Distributed training in TensorFlow

View on TensorFlow.org Run in Google Colab View source on GitHub


The tf.distribute.Strategy API provides an abstraction for distributing your training across multiple processing units. The goal is to allow users to enable distributed training using existing models and training code, with minimal changes.

This tutorial uses the tf.distribute.MirroredStrategy, which does in-graph replication with synchronous training on many GPUs on one machine. Essentially, it copies all of the model's variables to each processor. Then, it uses all-reduce to combine the gradients from all processors and applies the combined value to all copies of the model.

MirroredStategy is one of several distribution strategy available in TensorFlow core. You can read about more strategies at distribution strategy guide.

Keras API

This example uses the tf.keras API to build the model and training loop. For custom training loops, see this tutorial.

Import Dependencies

from __future__ import absolute_import, division, print_function, unicode_literals
# Import TensorFlow
import tensorflow as tf  #gpu
import tensorflow_datasets as tfds

import os

Download the dataset

Download the MNIST dataset and load it from TensorFlow Datasets. This returns a dataset in tf.data format.

Setting with_info to True includes the metadata for the entire dataset, which is being saved here to ds_info. Among other things, this metadata object includes the number of train and test examples.

datasets, ds_info = tfds.load(name='mnist', with_info=True, as_supervised=True)
mnist_train, mnist_test = datasets['train'], datasets['test']

Define Distribution Strategy

Create a MirroredStrategy object. This will handle distribution, and provides a context manager (tf.distribute.MirroredStrategy.scope) to build your model inside.

strategy = tf.distribute.MirroredStrategy()
print ('Number of devices: {}'.format(strategy.num_replicas_in_sync))

Setup Input pipeline

If a model is trained on multiple GPUs, the batch size should be increased accordingly so as to make effective use of the extra computing power. Moreover, the learning rate should be tuned accordingly.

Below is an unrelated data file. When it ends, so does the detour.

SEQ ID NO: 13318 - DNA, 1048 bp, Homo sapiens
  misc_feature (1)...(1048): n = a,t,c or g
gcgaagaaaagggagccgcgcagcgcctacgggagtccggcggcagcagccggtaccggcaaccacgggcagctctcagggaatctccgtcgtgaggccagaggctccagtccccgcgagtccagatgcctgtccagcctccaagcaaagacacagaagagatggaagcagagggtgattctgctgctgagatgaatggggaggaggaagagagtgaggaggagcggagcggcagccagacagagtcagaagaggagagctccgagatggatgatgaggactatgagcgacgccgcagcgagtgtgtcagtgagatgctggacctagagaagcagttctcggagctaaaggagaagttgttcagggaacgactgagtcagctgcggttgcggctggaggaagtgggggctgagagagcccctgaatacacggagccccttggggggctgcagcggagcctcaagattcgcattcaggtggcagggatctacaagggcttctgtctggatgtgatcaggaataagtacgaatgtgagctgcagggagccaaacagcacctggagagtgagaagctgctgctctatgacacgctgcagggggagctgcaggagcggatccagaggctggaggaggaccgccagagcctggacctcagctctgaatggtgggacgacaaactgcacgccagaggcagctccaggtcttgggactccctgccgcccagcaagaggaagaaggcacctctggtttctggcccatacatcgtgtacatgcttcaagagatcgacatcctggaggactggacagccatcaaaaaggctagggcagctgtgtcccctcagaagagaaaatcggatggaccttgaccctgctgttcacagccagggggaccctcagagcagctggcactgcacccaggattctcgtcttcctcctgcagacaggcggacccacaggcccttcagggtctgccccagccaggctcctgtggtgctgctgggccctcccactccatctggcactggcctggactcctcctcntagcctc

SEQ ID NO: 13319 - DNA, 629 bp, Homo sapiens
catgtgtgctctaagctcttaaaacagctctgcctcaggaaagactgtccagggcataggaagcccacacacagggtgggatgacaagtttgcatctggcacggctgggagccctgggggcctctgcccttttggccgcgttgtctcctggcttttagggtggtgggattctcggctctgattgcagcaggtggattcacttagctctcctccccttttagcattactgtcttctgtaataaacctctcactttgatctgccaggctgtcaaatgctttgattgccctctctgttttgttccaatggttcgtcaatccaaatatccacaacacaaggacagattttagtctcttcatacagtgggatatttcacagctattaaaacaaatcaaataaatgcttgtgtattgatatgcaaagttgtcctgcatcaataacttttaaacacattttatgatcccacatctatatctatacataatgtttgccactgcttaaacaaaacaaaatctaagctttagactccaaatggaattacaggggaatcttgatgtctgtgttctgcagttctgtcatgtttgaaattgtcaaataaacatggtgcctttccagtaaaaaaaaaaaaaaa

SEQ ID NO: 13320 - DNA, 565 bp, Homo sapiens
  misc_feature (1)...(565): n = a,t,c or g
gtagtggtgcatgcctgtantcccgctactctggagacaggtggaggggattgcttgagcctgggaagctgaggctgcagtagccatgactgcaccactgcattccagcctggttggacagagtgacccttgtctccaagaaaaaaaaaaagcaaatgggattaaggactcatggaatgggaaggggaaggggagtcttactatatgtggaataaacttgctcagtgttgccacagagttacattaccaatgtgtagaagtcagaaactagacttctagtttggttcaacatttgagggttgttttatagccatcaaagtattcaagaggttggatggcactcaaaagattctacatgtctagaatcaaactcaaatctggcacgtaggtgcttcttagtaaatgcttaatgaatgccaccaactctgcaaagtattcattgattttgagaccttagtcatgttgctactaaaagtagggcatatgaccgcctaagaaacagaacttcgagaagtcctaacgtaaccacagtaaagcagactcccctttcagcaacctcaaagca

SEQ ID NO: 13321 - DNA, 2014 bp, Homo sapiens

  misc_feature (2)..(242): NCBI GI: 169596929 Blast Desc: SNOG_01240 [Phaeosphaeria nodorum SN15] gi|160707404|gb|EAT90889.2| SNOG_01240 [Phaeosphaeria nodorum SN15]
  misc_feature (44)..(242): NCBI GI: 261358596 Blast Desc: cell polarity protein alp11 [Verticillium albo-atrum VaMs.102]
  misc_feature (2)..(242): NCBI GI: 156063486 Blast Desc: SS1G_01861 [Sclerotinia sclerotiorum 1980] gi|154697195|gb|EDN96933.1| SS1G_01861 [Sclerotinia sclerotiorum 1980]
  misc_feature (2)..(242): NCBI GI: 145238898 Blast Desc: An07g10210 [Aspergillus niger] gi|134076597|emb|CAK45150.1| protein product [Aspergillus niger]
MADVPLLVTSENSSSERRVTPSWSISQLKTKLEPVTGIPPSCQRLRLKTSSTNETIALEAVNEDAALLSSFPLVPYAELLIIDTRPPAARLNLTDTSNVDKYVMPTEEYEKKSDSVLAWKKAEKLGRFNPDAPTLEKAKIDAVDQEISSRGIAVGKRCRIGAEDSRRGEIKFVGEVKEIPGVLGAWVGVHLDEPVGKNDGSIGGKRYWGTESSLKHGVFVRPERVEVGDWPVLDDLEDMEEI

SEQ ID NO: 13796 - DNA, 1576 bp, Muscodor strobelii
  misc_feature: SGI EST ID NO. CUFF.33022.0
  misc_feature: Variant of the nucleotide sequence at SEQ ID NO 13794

# You can also do ds_info.splits.total_num_examples to get the total
# number of examples in the dataset.

num_train_examples = ds_info.splits['train'].num_examples
num_test_examples = ds_info.splits['test'].num_examples


BATCH_SIZE = BATCH_SIZE_PER_REPLICA * strategy.num_replicas_in_sync

Pixel values, which are 0-255, have to be normalized to the 0-1 range. Define this scale in a function.

def scale(image, label):
  image = tf.cast(image, tf.float32)
  image /= 255

  return image, label

Apply this function to the training and test data, shuffle the training data, and batch it for training.

train_dataset = mnist_train.map(scale).shuffle(BUFFER_SIZE).batch(BATCH_SIZE)
eval_dataset = mnist_test.map(scale).batch(BATCH_SIZE)

Create the model

Create and compile the Keras model in the context of strategy.scope.

with strategy.scope():
  model = tf.keras.Sequential([
      tf.keras.layers.Conv2D(32, 3, activation='relu', input_shape=(28, 28, 1)),
      tf.keras.layers.Dense(64, activation='relu'),
      tf.keras.layers.Dense(10, activation='softmax')


Define the callbacks.

The callbacks used here are:

  • Tensorboard: This callback writes a log for Tensorboard which allows you to visualize the graphs.
  • Model Checkpoint: This callback saves the model after every epoch.
  • Learning Rate Scheduler: Using this callback, you can schedule the learning rate to change after every epoch/batch.

For illustrative purposes, add a print callback to display the learning rate in the notebook.

# Define the checkpoint directory to store the checkpoints

checkpoint_dir = './training_checkpoints'
# Name of the checkpoint files
checkpoint_prefix = os.path.join(checkpoint_dir, "ckpt_{epoch}")
# Function for decaying the learning rate.
# You can define any decay function you need.
def decay(epoch):
  if epoch < 3:
    return 1e-3
  elif epoch >= 3 and epoch < 7:
    return 1e-4
    return 1e-5
# Callback for printing the LR at the end of each epoch.
class PrintLR(tf.keras.callbacks.Callback):
  def on_epoch_end(self, epoch, logs=None):
    print ('\nLearning rate for epoch {} is {}'.format(
        epoch + 1, tf.keras.backend.get_value(model.optimizer.lr)))
callbacks = [

Train and evaluate

Now, train the model in the usual way, calling fit on the model and passing in the dataset created at the beginning of the tutorial. This step is the same whether you are distributing the training or not.

model.fit(train_dataset, epochs=10, callbacks=callbacks)

As you can see below, the checkpoints are getting saved.

# check the checkpoint directory
!ls {checkpoint_dir}

To see how the model perform, load the latest checkpoint and call evaluate on the test data.

Call evaluate as before using appropriate datasets.


eval_loss, eval_acc = model.evaluate(eval_dataset)
print ('Eval loss: {}, Eval Accuracy: {}'.format(eval_loss, eval_acc))

To see the output, you can download and view the TensorBoard logs at the terminal.

$ tensorboard --logdir=path/to/log-directory
!ls -sh ./logs

Export to SavedModel

If you want to export the graph and the variables, SavedModel is the best way of doing this. The model can be loaded back with or without the scope. Moreover, SavedModel is platform agnostic.

path = 'saved_model/'
tf.keras.experimental.export_saved_model(model, path)

Load the model without strategy.scope.

unreplicated_model = tf.keras.experimental.load_from_saved_model(path)


eval_loss, eval_acc = unreplicated_model.evaluate(eval_dataset)
print ('Eval loss: {}, Eval Accuracy: {}'.format(eval_loss, eval_acc))

What's next?

Read the distribution strategy guide.